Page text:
Fowl Manor is Real as CS Visits the Set of Artemis Fowl
Fowl Manor is real. For any long time reader of Eoin (pronounced ‘Ian’) Colfer’s Artemis Fowl series, that is more than just four random words strung together. It is a promise that his much beloved series focused on the exploits of the world youngest crime lord and his magical adventures is not only about to become real for the first time, but with all the care and attention one would hope for.
It’s not hyperbole, either. Production designer Jim Clay has built out the entire manor two plus stories tall – with lighthouse (though the ocean will have to come through visual effects) – inside and out on the backlot of Longcross Studios about thirty minutes outside of London.
Walk through the front doors and you’re not greeted with the scaffolding and naked timber most exterior sets have on the inside. Instead you find yourself inside the manor’s main hall complete with a couch made out of a giant bronze bull, various side rooms and a dual staircase leading up to the second floor (which can also be explored). Follow anyone of the hallways and find yourself in a giant kitchen stocked to the gills with pots, pans and groceries; a conservatory overlooking the standing stones in the front yard; Artemis’ bedroom (full of adventure books and engineering projects) or the giant library where Artemis works to uncover the secrets left behind by his parents when they disappeared. It has more inside than cameras will ever see, with rooms the story may never venture into fully dressed and furnished, so that anyone stepping foot inside immediately enters the world of Artemis Fowl.
“It’s got everything except a bathroom because we can’t run plumbing into it,” Clay said.
Sure you have to drive past several ugly earthen mounds and a heap of shipping containers which at one point provided the infrastructure for Agrabah in Guy Ritchie’s Aladdin, but once you reach the manor there is nothing else in sight. As you’d expect it looks familiar but also not look like any place that actually exists. All curving lines and windows with giant stairs and doors, it screams wealth but not place as Clay has intentionally kept it from looking like part of any particular culture while stealing from many, Spain in particular.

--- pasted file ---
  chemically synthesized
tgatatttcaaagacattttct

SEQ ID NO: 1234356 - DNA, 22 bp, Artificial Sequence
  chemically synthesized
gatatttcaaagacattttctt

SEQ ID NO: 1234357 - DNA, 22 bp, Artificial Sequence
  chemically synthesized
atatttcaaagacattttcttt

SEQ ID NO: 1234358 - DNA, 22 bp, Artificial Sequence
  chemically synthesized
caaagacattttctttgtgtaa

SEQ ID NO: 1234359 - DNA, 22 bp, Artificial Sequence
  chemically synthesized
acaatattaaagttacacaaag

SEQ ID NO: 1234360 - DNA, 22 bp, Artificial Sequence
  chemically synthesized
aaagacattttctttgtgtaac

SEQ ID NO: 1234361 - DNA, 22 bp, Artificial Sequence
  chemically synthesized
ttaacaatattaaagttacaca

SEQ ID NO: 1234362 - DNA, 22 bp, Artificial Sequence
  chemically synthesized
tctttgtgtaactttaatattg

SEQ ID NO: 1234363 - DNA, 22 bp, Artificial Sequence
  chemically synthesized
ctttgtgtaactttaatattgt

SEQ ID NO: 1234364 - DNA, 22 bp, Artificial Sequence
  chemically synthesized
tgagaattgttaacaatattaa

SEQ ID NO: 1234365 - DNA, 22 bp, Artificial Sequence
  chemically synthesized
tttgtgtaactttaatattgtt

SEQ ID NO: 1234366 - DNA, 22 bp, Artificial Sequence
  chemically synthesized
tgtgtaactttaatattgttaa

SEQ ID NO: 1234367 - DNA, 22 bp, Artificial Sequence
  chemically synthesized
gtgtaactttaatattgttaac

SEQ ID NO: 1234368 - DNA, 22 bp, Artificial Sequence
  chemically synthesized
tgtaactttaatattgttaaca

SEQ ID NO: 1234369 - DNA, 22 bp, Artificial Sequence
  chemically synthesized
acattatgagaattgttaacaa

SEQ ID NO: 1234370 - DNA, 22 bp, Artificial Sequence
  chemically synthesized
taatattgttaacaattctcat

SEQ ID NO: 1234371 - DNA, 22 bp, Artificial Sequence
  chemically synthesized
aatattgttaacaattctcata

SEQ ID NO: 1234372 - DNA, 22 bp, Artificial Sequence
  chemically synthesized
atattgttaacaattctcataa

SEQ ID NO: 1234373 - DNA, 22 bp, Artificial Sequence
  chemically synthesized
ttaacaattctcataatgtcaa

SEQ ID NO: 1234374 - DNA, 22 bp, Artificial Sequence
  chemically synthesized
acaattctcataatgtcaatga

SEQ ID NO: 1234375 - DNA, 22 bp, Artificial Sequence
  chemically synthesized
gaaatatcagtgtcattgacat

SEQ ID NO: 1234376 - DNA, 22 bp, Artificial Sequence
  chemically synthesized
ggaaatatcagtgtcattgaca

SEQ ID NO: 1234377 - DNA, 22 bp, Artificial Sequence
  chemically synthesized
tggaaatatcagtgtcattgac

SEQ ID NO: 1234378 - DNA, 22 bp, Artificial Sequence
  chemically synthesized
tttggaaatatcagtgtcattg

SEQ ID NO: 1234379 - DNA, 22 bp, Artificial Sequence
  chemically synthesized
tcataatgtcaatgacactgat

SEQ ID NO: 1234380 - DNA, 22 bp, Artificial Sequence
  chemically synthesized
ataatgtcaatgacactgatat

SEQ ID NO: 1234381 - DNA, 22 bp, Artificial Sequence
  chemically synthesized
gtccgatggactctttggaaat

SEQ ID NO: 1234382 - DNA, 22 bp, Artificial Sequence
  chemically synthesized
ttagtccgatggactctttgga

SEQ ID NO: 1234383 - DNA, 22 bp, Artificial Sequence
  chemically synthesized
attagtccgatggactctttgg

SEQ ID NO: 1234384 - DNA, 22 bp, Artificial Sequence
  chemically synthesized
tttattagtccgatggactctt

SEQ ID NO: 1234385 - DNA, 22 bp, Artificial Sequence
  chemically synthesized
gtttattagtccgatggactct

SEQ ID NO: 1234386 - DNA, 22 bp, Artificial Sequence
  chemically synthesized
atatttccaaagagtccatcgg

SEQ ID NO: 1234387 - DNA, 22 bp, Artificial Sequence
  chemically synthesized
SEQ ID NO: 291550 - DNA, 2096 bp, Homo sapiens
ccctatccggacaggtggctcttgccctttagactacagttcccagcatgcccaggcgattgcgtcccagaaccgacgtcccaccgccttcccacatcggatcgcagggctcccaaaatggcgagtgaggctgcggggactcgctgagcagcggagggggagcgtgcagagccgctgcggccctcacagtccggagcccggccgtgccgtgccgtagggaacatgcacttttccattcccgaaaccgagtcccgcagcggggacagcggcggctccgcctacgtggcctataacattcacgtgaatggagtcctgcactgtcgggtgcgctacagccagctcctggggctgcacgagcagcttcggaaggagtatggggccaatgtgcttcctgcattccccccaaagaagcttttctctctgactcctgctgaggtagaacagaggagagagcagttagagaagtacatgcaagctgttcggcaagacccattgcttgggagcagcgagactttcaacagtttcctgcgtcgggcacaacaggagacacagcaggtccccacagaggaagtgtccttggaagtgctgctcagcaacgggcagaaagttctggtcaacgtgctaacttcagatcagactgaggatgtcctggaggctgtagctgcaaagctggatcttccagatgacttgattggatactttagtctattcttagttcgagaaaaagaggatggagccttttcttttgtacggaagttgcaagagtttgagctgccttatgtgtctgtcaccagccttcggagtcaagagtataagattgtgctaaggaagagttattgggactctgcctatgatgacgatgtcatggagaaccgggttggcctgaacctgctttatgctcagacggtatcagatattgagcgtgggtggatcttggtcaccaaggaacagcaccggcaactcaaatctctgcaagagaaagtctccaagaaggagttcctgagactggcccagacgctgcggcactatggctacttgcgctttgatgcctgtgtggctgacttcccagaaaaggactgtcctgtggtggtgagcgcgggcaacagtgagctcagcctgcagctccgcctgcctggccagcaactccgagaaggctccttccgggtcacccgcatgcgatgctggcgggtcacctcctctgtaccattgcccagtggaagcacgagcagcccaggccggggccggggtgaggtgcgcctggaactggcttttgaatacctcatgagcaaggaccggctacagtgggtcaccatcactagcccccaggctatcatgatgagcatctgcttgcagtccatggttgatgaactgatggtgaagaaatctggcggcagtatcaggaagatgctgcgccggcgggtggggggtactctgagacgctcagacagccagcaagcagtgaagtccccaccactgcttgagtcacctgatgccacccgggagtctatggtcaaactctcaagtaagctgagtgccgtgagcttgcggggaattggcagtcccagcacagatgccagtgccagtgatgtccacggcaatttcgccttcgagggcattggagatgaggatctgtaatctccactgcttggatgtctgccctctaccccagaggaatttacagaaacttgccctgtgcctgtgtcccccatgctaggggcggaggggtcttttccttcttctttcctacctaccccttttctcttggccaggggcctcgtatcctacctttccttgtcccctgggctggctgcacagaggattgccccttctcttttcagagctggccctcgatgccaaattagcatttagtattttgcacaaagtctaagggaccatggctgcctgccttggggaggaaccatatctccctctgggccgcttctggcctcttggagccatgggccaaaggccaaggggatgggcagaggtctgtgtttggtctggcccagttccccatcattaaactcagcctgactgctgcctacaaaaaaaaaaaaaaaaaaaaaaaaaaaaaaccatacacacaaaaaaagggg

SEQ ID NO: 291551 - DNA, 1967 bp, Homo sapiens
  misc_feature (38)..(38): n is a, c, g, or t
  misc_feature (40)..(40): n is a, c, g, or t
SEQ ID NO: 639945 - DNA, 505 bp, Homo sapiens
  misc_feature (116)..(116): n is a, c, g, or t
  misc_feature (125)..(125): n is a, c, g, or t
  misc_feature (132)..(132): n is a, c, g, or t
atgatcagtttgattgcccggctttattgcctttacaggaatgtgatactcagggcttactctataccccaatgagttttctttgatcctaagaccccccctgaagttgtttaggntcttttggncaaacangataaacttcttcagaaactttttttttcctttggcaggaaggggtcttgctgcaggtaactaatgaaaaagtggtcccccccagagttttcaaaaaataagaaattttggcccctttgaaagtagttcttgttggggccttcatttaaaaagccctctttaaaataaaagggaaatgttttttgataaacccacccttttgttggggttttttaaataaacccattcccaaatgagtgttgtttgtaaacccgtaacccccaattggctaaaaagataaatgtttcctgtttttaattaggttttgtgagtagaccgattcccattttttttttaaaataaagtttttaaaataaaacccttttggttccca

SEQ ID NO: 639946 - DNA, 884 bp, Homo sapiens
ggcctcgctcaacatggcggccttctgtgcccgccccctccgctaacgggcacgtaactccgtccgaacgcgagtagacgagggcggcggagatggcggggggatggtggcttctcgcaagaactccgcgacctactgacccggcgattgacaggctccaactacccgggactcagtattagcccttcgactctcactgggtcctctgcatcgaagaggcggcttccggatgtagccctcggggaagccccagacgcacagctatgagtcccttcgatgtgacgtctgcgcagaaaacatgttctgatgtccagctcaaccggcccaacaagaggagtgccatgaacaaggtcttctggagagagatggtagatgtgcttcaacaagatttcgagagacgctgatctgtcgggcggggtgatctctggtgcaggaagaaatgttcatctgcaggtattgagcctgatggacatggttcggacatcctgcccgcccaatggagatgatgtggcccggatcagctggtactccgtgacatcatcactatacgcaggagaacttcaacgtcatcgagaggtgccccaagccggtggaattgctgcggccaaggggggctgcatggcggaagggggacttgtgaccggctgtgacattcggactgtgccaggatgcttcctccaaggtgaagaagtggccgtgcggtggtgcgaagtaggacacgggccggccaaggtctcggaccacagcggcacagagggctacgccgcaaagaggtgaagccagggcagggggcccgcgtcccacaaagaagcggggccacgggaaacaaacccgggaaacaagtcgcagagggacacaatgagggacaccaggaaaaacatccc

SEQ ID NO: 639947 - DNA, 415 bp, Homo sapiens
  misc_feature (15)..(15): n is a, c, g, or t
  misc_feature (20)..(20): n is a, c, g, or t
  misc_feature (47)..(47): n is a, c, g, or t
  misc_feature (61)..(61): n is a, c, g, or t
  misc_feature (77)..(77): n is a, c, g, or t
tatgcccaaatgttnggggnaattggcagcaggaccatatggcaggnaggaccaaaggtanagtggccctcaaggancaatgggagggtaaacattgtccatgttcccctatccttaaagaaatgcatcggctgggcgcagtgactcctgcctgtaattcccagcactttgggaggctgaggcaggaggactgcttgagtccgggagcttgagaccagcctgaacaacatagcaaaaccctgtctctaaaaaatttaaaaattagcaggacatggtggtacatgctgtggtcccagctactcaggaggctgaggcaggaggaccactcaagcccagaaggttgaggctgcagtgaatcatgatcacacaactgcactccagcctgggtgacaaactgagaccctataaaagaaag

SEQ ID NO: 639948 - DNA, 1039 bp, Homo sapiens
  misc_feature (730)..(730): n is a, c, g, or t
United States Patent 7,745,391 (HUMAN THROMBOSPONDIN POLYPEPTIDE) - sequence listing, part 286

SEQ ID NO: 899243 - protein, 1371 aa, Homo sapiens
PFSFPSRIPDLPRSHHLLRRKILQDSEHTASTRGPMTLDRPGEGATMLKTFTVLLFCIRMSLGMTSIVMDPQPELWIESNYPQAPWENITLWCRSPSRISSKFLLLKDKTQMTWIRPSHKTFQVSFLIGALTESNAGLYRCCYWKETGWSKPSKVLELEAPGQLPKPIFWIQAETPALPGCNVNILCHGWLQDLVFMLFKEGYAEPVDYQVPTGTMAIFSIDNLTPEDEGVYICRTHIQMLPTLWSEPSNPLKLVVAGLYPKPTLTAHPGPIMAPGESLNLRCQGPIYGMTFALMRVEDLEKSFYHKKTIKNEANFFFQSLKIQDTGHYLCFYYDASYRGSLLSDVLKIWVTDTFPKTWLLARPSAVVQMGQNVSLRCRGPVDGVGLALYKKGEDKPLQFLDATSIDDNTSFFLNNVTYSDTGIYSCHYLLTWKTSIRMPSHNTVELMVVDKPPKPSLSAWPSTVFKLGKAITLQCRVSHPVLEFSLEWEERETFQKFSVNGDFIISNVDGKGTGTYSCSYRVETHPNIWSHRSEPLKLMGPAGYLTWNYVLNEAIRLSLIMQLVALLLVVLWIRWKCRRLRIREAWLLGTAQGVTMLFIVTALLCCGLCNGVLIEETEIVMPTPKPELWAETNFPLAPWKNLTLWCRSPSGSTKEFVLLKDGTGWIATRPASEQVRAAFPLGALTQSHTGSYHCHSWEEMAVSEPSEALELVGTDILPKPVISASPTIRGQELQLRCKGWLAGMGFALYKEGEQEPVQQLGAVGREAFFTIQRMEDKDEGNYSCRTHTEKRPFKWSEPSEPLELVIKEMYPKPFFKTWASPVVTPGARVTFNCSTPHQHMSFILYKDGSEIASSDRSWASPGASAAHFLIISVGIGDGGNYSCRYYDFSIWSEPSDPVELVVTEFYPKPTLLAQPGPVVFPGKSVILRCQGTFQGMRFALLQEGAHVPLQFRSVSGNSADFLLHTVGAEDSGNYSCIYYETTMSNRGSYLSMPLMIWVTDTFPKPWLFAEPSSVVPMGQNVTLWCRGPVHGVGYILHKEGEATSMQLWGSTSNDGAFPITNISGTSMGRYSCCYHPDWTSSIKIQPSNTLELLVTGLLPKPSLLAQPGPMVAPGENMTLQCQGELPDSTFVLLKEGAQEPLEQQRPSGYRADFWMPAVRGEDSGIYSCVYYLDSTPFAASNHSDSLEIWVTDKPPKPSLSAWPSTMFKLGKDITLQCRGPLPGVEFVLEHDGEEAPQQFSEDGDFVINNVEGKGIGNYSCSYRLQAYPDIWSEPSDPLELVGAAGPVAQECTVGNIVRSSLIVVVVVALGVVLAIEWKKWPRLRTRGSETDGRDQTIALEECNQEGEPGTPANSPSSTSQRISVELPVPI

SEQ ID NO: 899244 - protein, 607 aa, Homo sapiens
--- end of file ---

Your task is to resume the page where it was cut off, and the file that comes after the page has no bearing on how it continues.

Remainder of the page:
“It gives a sense of Artemis being a normal boy,” Clay said, while also being unique as he is. And with the bulk of the film’s action taking place there it also need to be interesting to look at no matter what angle it is viewed from.
It’s as unusual a practice as it is a place. Generally, films don’t build their interior and exterior sets together when they’re creating from scratch and definitely not for the temporary, short-term reality that is a working film production.
The Artemis Fowl team, however, is thinking about the long haul.
“The idea is we build it now and then we come back to it to shoot the other films,” Clay explained.
Not that they didn’t use sound stages. Artemis Fowl is large enough that it is using about half of Longcross’ capacity at the moment and even that isn’t enough. Deep within one soundstage, past the rows of props and costumes, lies the interior of the faerie city. Part of it, anyway, with each stage surrounded by miles of green screen as the underground labyrinth is larger than can practically be built in any modern studio. [Enter VFX supervisor Charlie Henley’s army of digital artists to handle that part].
“The biggest challenge is Haven City,” Henley confirms.
In many ways the opposite of Fowl Manor, Haven City is exactly what you’d expect from a large fantasy film being made on a sound stage. Existing deep in the earth, Haven City is the home to all of the various magical creatures of the world – faeries and sprites and dragons and the like – who are watched over by E.L.F, the magical military organization tasked with keeping faeries secret from human kind. As an underground city it is designed to be cast from living rock but shaped rather than chopped, suggesting a harmony with nature, leading to buildings made from stalactites and rooms looking more like caves than room albeit with some high technology built in.
Though it hasn’t been created yet there are hints of it in the physical production design we can see, most of which will focus on Dame Judy Dench’s Lower Elements Police command center. As the head of LEP, Dench (as Julius Root, recast from a man in the books) gets an office all her own, carved from crystalline arches and with a 360-degree window view which looks out over both the exterior landing platform (complete with mocked up transport) and the interior communications room filled with row upon row of computer terminals looking up the obligatory giant computer monitor on the wall (though this one is inside of some sort of clam shell). It is here where will get our first look at Artemis’ soon-to-be magical friend and co-hort Holly Short, a promising LEP recon officer and protégé of Root.